Joachim Kopp receives ERC Starting Grant for research in particle and astroparticle physics
Award worth EUR 800,000 designed to promote research into new approaches in theoretical neutrino physics
Professor Joachim Kopp receives a prestigious Starting Grant worth EUR 800,000 from the European Research Council (ERC) to help promote his work in the field of theoretical particle and astroparticle physics. Working at the Cluster of Excellence "Precision Physics, Fundamental Interactions and Structure of Matter" (PRISMA) of Johannes Gutenberg University Mainz (JGU), Kopp's special interests are neutrinos and dark matter. He will be using the ERC Starting Grant to pursue new approaches in theoretical neutrino physics.
Neutrinos are elementary particles which are electrically neutral and have an incredibly tiny mass. Because they hardly interact with other particles, it is extremely difficult to obtain experimental proof of their existence. However, since the turn of the millennium, numerous major projects, in some of which Mainz University played an important role, have provided pioneering new insights into the world of neutrinos. "Thanks to the significant experimental progress in recent years, neutrino physics has become a driving force for astroparticle physics," explained Kopp. "The project supported by the ERC is an essential theoretical counterpart to the rapid developments in this field."
The theoretical understanding of the world of neutrinos obtained through experimentation is in some respects contradictory and researchers thus speculate that there could be additional forms in addition to the three already identified species of neutrino. If this hypothesis can be proved, the current Standard Model of elementary particle physics would need to be revised. Professor Joachim Kopp will be searching for so-called sterile neutrinos by means of the theoretical interpretation of experimental results and the development of new theoretical models.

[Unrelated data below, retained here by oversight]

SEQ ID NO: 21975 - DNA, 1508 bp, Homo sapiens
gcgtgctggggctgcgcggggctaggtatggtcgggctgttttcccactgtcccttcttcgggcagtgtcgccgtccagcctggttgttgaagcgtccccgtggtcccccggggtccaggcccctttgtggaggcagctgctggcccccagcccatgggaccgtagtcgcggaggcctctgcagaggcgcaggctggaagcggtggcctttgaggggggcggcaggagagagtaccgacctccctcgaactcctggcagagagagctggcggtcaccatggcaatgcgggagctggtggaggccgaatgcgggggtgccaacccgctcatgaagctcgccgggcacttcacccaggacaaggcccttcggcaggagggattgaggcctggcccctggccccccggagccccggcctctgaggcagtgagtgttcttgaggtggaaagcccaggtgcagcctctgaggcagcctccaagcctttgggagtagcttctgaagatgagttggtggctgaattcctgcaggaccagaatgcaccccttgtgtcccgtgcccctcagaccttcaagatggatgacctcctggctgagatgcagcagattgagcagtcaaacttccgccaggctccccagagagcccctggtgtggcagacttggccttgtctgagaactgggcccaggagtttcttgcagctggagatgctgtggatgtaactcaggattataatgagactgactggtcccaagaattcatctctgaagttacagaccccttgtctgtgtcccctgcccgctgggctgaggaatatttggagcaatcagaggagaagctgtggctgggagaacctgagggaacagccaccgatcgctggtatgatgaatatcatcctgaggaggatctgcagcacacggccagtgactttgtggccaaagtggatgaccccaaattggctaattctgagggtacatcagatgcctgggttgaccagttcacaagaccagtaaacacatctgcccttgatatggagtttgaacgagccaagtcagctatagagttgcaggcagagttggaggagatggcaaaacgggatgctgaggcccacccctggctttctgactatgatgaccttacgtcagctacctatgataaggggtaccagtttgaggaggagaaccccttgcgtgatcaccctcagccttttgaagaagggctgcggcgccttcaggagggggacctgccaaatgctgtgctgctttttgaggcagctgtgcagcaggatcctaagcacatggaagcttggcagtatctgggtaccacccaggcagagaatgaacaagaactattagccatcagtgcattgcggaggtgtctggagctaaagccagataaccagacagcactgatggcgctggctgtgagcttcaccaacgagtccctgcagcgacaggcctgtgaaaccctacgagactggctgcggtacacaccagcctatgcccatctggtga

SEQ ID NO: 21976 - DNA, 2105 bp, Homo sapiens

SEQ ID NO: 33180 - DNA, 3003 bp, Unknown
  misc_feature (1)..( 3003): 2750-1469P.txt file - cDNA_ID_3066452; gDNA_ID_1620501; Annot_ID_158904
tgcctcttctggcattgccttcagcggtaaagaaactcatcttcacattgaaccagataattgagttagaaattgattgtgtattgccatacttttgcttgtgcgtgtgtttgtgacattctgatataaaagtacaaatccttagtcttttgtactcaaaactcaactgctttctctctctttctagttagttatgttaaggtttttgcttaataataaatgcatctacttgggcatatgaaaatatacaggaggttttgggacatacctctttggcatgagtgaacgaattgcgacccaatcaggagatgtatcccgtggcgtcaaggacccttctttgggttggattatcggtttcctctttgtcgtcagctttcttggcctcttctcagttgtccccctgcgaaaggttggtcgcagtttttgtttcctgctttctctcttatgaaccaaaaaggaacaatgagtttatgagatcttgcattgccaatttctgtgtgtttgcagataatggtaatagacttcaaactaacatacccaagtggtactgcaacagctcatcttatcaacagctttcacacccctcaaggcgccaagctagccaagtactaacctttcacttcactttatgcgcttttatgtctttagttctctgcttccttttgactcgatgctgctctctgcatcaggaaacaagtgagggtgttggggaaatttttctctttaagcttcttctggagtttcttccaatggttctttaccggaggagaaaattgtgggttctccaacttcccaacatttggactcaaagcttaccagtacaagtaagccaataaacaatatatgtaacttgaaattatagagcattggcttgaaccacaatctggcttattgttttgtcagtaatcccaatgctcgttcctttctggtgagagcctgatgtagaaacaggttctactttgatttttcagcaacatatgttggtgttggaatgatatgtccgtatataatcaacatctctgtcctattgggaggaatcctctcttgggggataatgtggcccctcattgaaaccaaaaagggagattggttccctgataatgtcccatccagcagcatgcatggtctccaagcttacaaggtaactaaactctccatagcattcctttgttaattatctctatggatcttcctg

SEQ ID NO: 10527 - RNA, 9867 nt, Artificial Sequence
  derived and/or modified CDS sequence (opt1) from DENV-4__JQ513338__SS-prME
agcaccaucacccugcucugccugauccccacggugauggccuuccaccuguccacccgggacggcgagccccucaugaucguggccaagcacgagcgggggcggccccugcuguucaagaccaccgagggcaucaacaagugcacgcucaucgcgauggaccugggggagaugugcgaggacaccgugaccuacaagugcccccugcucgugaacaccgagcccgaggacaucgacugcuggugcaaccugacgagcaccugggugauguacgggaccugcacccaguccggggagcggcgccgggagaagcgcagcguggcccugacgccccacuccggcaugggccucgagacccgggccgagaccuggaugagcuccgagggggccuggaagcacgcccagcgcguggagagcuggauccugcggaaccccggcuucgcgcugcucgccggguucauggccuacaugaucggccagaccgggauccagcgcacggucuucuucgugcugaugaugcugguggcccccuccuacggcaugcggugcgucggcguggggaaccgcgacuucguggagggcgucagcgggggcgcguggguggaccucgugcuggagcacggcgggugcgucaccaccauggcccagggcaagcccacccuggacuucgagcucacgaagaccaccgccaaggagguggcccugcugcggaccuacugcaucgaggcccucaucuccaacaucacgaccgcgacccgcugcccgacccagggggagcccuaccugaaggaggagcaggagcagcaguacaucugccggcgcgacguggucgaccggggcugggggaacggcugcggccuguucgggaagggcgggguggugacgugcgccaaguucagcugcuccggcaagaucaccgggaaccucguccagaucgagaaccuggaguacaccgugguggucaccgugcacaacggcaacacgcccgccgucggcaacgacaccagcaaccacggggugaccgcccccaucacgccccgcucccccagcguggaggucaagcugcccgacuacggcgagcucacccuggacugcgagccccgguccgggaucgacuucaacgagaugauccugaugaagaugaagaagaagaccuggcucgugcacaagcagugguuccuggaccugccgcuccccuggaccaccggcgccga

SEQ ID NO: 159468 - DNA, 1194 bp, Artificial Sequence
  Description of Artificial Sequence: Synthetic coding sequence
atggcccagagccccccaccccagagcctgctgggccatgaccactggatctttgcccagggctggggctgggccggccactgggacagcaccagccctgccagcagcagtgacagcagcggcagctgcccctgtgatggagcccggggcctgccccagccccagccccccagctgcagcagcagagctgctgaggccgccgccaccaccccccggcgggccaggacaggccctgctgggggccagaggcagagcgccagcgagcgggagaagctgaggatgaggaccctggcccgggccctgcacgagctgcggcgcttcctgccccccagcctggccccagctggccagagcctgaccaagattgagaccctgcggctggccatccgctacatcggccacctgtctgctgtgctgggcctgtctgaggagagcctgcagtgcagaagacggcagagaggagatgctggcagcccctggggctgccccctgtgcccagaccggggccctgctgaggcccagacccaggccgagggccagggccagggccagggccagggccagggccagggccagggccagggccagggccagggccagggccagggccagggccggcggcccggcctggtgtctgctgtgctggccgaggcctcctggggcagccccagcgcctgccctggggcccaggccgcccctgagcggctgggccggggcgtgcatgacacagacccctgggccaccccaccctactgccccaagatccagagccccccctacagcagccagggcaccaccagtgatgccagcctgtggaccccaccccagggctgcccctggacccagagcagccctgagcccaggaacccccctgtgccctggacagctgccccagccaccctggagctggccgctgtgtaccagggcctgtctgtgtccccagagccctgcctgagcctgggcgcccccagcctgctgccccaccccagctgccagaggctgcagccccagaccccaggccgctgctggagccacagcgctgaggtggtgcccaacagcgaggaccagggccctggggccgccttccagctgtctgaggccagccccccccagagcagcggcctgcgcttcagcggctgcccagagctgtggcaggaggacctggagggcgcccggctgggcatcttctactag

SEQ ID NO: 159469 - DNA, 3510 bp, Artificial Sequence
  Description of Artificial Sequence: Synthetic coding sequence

In addition, he will also be looking at the phenomenon of neutrino oscillation in supernovas, in other words, the periodic transformation of one species of neutrinos into another. A specific target of this research will be the effects of the quantum properties of the neutrinos.
In a third approach within the project, Kopp and his work group will be considering the possible connection between neutrinos and dark matter. Dark matter makes up approximately 23 percent of our universe while the elementary particles that are visible to us constitute only about 4 percent. It is not yet known what actually makes up dark matter but, in Kopp's opinion, sterile neutrinos are very promising candidates. He intends to investigate the various mechanisms through which sterile neutrino dark matter could have been created in the early universe.
An ERC Starting Grant is one of the most richly endowed funding awards made by the European Union to young researchers. ERC Starting Grants are designed to support outstanding researchers at the beginning of their careers while they form their own research team or establish their research program. In order to receive the grant, applicants must demonstrate excellence in research and provide evidence of the pioneering approach of their project and its feasibility.